I used to find this film really cheesy, corny, embarrassing, dominated as it is by Gene Kelly’s crinkly big grin. Now it’s definitely in my top ten. It’s joyful, vibrant, dynamic, corny, sentimental, cheesy – and wonderful. It has the biggest audience so far at LJFC events – and the kids love it. I, of course, wipe away a silly tear as it ends. And start sweeping up.

On the tube with my trusty shoulder-bag – it feels like travelling again. The Miró exhibition is terrific, from his exquisite stylised painting of a farmhouse through to big white canvases with a single black line crawling across them; ladders reaching to the sky, comic cartoon faces, asterisks for stars – much of it thick with his revulsion for Franco’s fascist regime. Tate Modern is bustling with tourists and Londoners – it’s proof of the pull of art.

In the Member’s Room for lunch and a beer, I’m curtly rebuffed each time I ask ‘Is anyone sitting here?’ So, grumpy, I’m out on the roof terrace, looking at the rising phallic Shard topped by its high crane, and the tower of Southwark Cathedral and the roof of The Globe Theatre, until the rain starts to spatter my sketchbook. Inside the galleries: there’s one room with a sheer red mesh ceiling and, hanging from it, a red fabric staircase, a full-size staircase, rippling as people walk under it; they laugh, or stand open-mouthed in awe, or take pictures. It’s amazing, but some just walk through, bored…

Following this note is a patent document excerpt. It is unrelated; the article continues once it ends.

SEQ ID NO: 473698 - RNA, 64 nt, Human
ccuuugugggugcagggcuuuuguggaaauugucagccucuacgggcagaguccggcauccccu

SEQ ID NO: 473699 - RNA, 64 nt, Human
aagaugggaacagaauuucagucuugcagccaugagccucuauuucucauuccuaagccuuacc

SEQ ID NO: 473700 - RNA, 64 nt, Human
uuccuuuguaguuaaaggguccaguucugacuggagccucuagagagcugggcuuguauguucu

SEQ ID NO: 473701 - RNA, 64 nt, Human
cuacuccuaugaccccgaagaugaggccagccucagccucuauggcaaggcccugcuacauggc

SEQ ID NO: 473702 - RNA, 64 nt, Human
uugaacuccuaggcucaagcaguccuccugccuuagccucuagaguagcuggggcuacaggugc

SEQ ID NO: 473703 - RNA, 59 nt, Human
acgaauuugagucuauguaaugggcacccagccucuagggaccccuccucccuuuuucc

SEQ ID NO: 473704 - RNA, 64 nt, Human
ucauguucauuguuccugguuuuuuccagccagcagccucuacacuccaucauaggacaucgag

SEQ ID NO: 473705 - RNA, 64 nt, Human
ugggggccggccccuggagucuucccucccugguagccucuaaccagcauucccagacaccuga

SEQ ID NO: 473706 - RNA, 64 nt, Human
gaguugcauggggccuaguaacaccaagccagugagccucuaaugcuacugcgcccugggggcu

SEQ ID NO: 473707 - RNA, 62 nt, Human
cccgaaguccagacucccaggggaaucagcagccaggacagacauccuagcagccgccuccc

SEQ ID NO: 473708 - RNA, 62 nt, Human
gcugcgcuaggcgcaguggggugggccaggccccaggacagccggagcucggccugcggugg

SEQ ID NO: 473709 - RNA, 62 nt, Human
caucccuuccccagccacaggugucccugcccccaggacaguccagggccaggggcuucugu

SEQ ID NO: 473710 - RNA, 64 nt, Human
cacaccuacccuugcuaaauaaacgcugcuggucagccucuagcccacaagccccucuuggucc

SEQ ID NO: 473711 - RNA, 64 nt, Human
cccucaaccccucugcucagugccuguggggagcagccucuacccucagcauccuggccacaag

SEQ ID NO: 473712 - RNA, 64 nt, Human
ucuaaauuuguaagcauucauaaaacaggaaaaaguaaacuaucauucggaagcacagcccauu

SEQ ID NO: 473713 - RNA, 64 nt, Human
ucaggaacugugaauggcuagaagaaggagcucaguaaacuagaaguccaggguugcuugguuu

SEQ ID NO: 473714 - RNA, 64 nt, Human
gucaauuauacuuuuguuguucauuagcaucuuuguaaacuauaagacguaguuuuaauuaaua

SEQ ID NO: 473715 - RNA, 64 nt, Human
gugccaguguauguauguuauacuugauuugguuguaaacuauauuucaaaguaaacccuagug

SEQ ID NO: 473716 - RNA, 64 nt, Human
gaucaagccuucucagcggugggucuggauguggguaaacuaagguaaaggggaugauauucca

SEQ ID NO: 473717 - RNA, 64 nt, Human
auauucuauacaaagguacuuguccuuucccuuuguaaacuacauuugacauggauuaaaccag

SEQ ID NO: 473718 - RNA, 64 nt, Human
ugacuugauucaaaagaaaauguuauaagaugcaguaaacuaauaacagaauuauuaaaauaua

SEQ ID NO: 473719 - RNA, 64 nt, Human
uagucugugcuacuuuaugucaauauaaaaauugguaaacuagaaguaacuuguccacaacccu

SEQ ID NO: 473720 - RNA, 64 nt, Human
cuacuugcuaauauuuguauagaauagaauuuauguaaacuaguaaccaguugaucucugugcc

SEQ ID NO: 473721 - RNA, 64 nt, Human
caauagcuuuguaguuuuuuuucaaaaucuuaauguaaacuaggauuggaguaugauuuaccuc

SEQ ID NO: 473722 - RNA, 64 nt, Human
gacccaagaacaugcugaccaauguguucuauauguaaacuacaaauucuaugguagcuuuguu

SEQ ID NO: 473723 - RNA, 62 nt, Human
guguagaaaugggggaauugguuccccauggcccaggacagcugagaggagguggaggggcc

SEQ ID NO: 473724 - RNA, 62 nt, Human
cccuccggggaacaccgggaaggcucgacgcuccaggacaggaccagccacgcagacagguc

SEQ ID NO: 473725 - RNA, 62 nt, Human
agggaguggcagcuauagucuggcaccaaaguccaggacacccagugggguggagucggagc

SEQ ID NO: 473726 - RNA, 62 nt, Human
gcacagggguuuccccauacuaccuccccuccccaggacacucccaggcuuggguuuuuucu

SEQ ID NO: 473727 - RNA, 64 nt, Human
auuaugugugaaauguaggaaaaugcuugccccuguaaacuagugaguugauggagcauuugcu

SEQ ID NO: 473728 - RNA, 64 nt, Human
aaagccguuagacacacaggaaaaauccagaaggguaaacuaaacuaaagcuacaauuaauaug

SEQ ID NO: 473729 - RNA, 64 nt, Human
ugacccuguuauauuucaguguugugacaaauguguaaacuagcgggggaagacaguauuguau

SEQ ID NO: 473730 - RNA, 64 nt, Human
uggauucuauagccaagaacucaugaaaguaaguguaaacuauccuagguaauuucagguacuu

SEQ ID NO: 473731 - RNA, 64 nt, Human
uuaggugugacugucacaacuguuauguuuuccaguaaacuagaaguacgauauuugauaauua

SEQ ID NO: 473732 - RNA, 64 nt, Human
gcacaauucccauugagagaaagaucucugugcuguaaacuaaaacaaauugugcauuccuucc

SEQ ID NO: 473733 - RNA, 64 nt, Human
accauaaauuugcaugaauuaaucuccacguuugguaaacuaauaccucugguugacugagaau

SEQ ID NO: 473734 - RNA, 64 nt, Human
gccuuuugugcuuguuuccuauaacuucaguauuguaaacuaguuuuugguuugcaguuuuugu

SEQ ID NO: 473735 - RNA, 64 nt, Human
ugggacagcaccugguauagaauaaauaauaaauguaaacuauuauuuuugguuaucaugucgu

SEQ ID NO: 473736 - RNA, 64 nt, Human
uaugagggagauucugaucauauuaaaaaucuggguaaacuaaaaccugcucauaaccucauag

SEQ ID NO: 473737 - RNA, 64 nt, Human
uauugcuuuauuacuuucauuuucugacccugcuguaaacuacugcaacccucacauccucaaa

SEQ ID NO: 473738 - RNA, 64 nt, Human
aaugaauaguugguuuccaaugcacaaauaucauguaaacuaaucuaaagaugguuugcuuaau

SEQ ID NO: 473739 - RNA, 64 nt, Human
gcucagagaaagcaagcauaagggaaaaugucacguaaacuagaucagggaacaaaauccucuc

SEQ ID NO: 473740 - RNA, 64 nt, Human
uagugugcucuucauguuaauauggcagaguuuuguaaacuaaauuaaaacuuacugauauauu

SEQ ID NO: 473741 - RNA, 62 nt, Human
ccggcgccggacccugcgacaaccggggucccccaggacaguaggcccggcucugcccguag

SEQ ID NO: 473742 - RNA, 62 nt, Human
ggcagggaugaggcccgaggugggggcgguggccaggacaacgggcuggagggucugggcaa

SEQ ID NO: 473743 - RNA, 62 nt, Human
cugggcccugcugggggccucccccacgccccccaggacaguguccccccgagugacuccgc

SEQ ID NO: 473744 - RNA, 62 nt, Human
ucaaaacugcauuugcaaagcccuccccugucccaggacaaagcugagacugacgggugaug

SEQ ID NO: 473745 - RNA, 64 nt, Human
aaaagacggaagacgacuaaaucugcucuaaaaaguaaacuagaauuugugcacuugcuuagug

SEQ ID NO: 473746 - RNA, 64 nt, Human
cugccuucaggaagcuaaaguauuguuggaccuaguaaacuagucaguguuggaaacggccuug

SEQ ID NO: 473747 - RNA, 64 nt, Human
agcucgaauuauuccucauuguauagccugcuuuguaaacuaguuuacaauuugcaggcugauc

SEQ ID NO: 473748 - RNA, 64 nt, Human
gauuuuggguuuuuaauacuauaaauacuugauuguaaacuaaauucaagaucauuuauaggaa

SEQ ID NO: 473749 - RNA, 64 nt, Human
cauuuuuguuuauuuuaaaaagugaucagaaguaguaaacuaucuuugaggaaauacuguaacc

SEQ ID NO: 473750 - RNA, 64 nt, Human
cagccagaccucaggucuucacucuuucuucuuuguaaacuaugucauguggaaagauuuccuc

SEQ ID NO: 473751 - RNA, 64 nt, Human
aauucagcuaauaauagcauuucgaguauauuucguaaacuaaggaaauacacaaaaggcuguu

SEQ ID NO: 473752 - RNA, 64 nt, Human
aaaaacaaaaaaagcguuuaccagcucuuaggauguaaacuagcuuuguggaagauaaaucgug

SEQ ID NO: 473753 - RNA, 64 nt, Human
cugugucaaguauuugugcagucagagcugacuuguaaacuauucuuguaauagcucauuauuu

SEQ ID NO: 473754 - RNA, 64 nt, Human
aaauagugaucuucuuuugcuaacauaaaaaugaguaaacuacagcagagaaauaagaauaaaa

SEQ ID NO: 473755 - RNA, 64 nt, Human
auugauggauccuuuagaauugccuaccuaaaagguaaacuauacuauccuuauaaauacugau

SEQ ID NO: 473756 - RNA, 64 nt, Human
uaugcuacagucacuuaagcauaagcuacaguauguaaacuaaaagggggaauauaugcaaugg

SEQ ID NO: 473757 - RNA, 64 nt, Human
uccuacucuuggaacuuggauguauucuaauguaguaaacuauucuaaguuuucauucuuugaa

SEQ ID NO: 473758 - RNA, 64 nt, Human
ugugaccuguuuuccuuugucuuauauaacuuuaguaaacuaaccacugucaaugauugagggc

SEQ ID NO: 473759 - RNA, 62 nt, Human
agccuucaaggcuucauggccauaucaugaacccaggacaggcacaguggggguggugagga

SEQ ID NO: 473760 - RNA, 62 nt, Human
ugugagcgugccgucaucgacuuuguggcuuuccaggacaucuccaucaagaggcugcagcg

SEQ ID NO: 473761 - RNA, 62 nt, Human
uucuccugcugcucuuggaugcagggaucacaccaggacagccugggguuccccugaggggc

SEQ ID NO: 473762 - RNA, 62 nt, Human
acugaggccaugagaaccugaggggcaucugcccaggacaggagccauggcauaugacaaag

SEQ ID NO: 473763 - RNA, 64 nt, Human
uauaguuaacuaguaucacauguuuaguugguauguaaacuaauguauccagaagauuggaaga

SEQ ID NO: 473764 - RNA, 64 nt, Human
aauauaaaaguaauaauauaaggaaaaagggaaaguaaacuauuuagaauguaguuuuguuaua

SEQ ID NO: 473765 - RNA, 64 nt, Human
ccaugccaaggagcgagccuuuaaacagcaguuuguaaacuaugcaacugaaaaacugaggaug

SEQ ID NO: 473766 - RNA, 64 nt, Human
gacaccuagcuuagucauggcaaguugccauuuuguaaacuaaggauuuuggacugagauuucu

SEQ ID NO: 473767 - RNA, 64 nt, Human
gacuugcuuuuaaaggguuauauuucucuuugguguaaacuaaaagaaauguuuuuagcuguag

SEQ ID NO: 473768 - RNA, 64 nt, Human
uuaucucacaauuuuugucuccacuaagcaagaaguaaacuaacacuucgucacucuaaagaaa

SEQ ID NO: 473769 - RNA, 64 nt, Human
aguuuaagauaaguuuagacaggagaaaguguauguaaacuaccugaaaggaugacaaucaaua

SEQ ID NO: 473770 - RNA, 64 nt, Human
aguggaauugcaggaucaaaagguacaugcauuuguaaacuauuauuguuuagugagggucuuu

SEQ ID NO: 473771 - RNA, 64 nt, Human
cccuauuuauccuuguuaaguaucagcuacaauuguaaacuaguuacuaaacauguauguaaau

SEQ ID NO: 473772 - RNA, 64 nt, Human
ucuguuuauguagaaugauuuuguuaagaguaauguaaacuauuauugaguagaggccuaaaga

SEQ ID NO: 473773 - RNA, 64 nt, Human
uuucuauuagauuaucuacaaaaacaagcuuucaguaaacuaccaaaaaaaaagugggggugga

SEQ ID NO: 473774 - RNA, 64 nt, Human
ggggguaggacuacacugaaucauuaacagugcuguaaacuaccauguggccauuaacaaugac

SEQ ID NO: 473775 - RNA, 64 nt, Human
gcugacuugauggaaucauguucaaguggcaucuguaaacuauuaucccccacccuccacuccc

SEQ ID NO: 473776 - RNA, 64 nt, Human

Tiny Giacometti figures sprout from a heavy block on long legs, four women in a Paris brothel: ‘The distance seemed insurmountable in spite of my desire,’ he wrote. I draw a striking woman watching a video, then go into the dim Mark Rothko room – the big dark red abstracts vibrate, mysterious as Stonehenge, and still give me goose-pimples. There’s always a hush in there – it is, for me, the most powerful room in the building, a secular chapel.

I watch a long video of garbage blowing around in the street: “American Beauty – c’est la même chose’ says the man next to me. Maybe, but it’s totally mesmerising: a burger box chases paper round in a circle, snapping at it; a plastic spoon tries to heave itself over, a broken umbrella skitters nervously along the white line. You can’t help laughing at these silly dumb creatures in their street ballet… Is this a waste of public money? Not to me.